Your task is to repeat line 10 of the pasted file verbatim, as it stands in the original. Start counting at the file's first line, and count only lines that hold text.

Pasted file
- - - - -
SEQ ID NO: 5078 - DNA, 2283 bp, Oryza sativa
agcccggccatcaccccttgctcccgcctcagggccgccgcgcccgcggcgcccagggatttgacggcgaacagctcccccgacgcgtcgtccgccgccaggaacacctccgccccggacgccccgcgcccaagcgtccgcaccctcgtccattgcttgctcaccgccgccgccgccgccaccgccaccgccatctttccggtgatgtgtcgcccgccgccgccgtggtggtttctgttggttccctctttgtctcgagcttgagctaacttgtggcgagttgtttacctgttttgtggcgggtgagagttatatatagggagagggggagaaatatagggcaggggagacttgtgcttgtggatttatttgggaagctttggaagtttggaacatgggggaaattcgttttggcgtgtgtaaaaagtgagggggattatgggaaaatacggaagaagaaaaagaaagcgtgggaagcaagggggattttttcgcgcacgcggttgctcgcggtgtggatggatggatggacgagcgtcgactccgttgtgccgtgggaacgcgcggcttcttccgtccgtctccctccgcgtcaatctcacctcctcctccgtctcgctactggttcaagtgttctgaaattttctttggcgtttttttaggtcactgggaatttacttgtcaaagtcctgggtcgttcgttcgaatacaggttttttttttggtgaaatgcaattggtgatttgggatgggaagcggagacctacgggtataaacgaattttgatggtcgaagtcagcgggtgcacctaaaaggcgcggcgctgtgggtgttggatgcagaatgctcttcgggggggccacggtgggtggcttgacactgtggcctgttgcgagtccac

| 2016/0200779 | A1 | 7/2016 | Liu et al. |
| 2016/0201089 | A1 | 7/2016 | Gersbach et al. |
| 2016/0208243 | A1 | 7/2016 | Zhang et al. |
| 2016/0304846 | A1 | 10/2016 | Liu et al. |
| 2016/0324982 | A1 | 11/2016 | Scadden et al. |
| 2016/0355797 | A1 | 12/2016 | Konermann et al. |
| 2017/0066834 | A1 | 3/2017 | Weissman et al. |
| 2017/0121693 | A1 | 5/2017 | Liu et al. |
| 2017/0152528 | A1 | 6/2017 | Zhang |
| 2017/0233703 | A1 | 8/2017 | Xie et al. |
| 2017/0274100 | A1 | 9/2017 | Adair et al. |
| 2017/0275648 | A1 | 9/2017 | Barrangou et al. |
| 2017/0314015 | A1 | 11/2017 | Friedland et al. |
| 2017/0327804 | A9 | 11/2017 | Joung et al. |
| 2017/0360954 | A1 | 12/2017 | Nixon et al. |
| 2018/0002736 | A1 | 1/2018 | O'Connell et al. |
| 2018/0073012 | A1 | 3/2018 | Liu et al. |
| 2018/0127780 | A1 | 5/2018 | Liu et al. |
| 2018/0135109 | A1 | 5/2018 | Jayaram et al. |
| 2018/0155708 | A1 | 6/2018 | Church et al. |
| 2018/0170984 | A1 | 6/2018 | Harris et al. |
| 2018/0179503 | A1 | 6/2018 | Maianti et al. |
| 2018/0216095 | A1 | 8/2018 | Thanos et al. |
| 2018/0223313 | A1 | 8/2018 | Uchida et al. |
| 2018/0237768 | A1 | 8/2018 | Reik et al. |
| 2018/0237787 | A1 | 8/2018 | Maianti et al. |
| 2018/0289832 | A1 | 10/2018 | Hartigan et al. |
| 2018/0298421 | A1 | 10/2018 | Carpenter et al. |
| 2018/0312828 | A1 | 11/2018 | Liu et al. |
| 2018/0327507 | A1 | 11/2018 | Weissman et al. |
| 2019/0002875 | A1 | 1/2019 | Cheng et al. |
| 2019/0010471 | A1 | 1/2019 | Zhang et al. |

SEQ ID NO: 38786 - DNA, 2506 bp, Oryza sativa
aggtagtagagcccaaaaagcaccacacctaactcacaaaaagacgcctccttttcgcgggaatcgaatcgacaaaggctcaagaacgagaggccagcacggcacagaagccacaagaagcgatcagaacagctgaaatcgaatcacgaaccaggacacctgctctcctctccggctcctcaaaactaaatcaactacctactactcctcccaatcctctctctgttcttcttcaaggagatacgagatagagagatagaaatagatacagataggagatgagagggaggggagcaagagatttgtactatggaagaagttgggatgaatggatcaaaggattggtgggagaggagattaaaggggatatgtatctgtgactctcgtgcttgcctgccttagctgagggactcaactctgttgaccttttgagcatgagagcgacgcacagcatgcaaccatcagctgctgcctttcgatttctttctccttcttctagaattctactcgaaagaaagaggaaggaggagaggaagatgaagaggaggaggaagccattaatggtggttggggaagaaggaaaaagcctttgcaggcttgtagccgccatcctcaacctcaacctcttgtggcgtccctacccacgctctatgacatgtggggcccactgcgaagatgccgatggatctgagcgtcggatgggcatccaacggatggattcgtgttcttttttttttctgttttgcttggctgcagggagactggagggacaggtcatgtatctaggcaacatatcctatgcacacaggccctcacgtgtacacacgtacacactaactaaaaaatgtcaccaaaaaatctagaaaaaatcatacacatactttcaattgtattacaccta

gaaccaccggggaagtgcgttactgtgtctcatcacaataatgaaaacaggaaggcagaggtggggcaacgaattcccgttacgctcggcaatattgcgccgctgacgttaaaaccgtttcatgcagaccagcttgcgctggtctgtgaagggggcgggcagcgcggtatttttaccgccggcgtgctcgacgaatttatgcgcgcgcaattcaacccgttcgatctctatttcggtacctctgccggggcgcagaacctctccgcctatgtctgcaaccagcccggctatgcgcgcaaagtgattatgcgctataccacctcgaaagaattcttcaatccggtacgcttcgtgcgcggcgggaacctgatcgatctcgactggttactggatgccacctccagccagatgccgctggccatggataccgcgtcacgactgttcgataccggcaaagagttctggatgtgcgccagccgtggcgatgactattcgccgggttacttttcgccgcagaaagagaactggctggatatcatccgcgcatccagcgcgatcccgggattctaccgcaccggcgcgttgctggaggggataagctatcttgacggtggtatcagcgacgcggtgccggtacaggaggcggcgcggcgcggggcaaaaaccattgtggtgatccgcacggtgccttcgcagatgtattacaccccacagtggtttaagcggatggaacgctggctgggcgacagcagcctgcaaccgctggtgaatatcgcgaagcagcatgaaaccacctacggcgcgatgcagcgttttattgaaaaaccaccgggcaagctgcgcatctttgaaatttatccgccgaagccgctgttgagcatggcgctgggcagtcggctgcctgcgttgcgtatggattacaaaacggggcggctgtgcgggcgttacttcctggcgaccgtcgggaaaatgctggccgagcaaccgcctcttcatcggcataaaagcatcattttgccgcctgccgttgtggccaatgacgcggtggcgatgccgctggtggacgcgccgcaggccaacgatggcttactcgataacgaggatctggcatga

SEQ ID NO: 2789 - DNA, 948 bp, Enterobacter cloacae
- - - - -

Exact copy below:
| 2017/0121693 | A1 | 5/2017 | Liu et al. |